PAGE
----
When Malloy decided not to seek a third term in 2018, Lamont launched his second bid for governor. He easily defeated Bridgeport Mayor Joe Ganim in the Democratic primary.
Lamont then defeated Republican Bob Stefanowski by 44,000 votes — about 3 percentage points — in the general election.
Was Lamont always expected to run for re-election?
The answer wasn’t always clear.
Lamont says he is surprised by those who think his decision to run again ever was in doubt — even in 2019, when his approval rating plummeted amid a push for highway tolls on all motor vehicles that went against a campaign promise to consider only truck tolls.
Lamont’s favorite talking point for his first year was the delivery of a budget on time and without drama or higher tax rates on income or sales, despite starting the year with a huge projected deficit.
To help close that shortfall, Lamont and the legislature canceled or postponed scheduled tax cuts and added a 1% surcharge on prepared meals, broadened what is subject to the 6.35% sales tax, reduced a tax credit for small and mid-sized businesses and imposed a 10-cent fee on plastic bags.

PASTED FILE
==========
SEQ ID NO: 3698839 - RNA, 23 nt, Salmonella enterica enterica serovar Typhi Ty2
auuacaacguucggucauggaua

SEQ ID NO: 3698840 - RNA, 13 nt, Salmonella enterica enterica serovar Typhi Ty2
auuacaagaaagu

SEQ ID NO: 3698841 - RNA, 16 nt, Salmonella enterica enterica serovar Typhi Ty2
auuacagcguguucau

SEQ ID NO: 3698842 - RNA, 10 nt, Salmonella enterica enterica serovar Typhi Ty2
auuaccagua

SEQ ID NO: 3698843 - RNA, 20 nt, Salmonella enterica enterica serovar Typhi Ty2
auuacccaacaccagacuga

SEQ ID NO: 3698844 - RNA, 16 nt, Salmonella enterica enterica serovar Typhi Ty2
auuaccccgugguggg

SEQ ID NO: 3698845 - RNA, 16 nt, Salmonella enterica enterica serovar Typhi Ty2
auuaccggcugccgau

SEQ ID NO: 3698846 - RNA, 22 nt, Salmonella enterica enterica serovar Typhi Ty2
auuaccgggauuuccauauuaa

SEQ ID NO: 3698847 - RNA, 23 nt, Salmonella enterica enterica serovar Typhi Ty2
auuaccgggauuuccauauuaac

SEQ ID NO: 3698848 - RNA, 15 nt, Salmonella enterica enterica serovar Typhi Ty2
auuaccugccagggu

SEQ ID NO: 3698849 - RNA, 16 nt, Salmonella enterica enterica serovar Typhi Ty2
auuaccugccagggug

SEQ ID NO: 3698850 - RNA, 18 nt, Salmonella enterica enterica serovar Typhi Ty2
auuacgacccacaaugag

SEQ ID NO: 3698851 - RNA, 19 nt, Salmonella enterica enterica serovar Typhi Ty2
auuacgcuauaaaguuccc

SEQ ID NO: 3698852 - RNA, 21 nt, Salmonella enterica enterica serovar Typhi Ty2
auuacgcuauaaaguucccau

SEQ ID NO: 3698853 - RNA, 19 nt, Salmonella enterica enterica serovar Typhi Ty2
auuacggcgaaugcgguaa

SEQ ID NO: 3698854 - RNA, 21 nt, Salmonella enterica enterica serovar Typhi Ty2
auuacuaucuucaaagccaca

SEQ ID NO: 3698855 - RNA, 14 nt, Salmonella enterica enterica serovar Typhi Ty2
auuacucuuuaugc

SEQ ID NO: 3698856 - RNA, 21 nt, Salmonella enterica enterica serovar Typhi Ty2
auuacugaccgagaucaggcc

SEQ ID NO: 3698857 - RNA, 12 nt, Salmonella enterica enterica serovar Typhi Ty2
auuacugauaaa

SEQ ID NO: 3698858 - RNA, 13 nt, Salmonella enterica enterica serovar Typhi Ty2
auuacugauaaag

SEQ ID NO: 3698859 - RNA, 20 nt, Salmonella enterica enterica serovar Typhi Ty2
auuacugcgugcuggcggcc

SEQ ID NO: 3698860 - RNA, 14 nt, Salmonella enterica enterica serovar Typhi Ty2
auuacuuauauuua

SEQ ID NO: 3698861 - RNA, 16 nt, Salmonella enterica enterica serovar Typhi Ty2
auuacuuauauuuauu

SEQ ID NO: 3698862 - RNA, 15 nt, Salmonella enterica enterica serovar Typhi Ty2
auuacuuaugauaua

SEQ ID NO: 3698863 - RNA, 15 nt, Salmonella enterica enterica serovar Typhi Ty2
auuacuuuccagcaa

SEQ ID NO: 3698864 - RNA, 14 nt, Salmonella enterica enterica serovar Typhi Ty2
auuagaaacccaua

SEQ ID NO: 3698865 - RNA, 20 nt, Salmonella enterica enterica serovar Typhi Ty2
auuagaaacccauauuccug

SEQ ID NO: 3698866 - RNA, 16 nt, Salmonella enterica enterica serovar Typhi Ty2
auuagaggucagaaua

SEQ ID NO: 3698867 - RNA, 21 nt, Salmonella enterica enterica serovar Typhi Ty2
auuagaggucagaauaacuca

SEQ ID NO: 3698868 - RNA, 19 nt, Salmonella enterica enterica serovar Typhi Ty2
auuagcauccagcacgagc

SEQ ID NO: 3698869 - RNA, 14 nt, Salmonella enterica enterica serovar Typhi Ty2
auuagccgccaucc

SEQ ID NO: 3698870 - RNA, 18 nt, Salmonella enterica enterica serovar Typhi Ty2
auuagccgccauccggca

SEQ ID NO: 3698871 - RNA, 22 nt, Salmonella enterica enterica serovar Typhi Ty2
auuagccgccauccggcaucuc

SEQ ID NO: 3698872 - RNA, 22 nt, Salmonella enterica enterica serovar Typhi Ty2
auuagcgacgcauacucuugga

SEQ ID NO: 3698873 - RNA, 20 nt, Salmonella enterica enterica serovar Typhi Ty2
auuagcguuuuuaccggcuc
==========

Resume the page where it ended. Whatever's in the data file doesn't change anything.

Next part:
How have Lamont’s COVID-19 policies affected the race?
Lamont’s management of the pandemic has defined him more than any other issue, lifting his approval rating from the bottom quintile of gubernatorial ratings to the top.
In March 2020, he closed restaurants, bars and other public venues. But Lamont ultimately shifted strategies and kept schools and businesses open throughout most of the pandemic.
When vaccines became available, he rejected the advice of the Centers for Disease Control and Prevention to follow a complicated eligibility protocol and instead offered the vaccines by age cohorts. It was simple to administer, and it put Connecticut among the leaders in vaccination rates.
What is Lamont’s pitch to voters in his re-election bid?
Lamont is campaigning primarily on his record of managing the state’s budget, reducing debt and reversing the state’s reputation as unfriendly to business. Over his first term, the state’s finances have turned rapidly from alarming deficits to fat surpluses, boosted by increasing tax revenues and federal aid.